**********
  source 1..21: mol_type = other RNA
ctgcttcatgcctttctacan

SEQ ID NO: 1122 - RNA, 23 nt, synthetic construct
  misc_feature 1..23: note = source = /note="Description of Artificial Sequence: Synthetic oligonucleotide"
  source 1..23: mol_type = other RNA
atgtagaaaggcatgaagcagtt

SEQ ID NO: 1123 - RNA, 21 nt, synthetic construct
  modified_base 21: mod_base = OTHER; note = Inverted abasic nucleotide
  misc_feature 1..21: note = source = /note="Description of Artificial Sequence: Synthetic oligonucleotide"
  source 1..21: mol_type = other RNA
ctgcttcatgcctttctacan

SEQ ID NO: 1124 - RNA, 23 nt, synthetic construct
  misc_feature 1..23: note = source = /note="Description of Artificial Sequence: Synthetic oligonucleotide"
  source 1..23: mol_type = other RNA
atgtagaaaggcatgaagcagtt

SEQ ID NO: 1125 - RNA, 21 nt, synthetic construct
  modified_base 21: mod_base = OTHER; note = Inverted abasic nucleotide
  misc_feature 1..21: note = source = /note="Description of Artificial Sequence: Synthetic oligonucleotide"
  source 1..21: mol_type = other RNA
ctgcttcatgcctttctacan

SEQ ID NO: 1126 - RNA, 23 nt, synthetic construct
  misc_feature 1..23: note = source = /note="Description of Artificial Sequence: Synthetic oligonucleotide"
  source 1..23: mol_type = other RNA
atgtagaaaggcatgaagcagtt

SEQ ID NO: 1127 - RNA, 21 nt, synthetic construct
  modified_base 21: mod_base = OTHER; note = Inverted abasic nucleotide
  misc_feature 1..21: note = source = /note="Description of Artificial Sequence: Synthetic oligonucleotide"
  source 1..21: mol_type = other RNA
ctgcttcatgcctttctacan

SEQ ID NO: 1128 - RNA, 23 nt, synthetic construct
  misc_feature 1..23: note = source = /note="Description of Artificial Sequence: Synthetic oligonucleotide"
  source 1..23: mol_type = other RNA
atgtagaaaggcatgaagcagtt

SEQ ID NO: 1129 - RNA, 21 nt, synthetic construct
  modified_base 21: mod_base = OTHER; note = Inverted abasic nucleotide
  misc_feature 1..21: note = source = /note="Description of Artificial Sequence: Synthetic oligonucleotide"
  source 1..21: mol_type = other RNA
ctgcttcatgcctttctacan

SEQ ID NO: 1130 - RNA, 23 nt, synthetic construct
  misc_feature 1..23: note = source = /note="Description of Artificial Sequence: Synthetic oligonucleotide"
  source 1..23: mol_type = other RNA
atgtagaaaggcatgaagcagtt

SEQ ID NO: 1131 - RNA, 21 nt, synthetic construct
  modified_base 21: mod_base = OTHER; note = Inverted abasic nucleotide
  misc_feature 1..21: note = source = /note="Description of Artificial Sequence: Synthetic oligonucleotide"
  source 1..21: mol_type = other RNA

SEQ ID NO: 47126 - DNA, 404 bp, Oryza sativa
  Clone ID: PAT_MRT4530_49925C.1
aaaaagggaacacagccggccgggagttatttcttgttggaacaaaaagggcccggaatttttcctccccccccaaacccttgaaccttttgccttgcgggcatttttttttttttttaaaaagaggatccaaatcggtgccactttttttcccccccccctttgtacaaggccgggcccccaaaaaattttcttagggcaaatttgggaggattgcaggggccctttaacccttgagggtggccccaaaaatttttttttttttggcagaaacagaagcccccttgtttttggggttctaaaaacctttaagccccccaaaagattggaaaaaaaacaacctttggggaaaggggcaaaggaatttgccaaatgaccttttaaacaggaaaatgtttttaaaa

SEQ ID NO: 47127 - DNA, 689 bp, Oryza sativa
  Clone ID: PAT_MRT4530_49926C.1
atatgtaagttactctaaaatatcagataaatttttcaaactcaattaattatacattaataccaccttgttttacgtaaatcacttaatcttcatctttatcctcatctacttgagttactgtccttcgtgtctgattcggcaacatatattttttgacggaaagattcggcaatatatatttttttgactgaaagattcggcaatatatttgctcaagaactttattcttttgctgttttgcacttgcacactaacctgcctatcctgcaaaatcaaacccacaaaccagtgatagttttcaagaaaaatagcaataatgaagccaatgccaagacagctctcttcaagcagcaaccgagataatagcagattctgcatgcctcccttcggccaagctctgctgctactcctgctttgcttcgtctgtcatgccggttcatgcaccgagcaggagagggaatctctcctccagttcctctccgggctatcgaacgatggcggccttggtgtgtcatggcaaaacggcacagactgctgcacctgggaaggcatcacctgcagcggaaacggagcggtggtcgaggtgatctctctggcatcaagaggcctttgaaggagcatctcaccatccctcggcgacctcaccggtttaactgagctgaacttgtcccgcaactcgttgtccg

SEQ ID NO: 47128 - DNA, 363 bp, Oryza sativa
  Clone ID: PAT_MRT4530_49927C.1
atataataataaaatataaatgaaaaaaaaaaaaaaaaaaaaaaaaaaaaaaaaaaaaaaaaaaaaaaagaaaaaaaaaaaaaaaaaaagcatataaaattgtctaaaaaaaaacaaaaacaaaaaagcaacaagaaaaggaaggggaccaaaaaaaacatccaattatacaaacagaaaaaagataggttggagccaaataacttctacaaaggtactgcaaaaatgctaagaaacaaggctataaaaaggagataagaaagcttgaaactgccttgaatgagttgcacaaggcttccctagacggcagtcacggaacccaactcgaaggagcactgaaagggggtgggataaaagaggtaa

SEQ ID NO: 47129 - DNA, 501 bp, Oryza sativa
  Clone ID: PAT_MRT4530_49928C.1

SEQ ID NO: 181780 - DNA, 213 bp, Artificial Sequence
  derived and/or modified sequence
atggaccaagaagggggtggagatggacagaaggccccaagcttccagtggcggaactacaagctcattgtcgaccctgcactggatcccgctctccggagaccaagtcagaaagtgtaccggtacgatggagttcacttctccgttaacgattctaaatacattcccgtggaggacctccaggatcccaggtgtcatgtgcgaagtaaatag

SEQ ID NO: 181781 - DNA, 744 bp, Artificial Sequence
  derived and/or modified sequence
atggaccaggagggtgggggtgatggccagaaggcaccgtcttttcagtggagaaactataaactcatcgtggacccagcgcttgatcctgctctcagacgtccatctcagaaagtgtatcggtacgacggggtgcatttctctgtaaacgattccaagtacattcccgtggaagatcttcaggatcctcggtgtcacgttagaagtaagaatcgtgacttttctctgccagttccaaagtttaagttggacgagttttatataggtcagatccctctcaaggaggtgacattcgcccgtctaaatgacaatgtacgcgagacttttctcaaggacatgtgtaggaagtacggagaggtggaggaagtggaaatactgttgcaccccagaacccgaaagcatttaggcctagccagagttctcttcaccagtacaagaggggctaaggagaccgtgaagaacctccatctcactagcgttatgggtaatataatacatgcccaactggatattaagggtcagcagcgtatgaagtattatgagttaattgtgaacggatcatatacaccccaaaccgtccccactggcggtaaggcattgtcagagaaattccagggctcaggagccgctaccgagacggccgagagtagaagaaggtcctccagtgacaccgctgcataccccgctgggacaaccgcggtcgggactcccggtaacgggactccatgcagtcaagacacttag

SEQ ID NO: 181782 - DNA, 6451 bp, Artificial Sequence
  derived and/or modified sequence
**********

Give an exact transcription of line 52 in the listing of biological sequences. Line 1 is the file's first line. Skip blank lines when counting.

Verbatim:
atatgtaagttactctaaaatatcagataaatttttcaaactcaattaattatacattaataccaccttgttttacgtaaatcacttaatcttcatctttatcctcatctacttgagttactgtccttcgtgtctgattcggcaacatatattttttgacggaaagattcggcaatatatatttttttgactgaaagattcggcaatatatttgctcaagaactttattcttttgctgttttgcacttgcacactaacctgcctatcctgcaaaatcaaacccacaaaccagtgatagttttcaagaaaaatagcaataatgaagccaatgccaagacagctctcttcaagcagcaaccgagataatagcagattctgcatgcctcccttcggccaagctctgctgctactcctgctttgcttcgtctgtcatgccggttcatgcaccgagcaggagagggaatctctcctccagttcctctccgggctatcgaacgatggcggccttggtgtgtcatggcaaaacggcacagactgctgcacctgggaaggcatcacctgcagcggaaacggagcggtggtcgaggtgatctctctggcatcaagaggcctttgaaggagcatctcaccatccctcggcgacctcaccggtttaactgagctgaacttgtcccgcaactcgttgtccg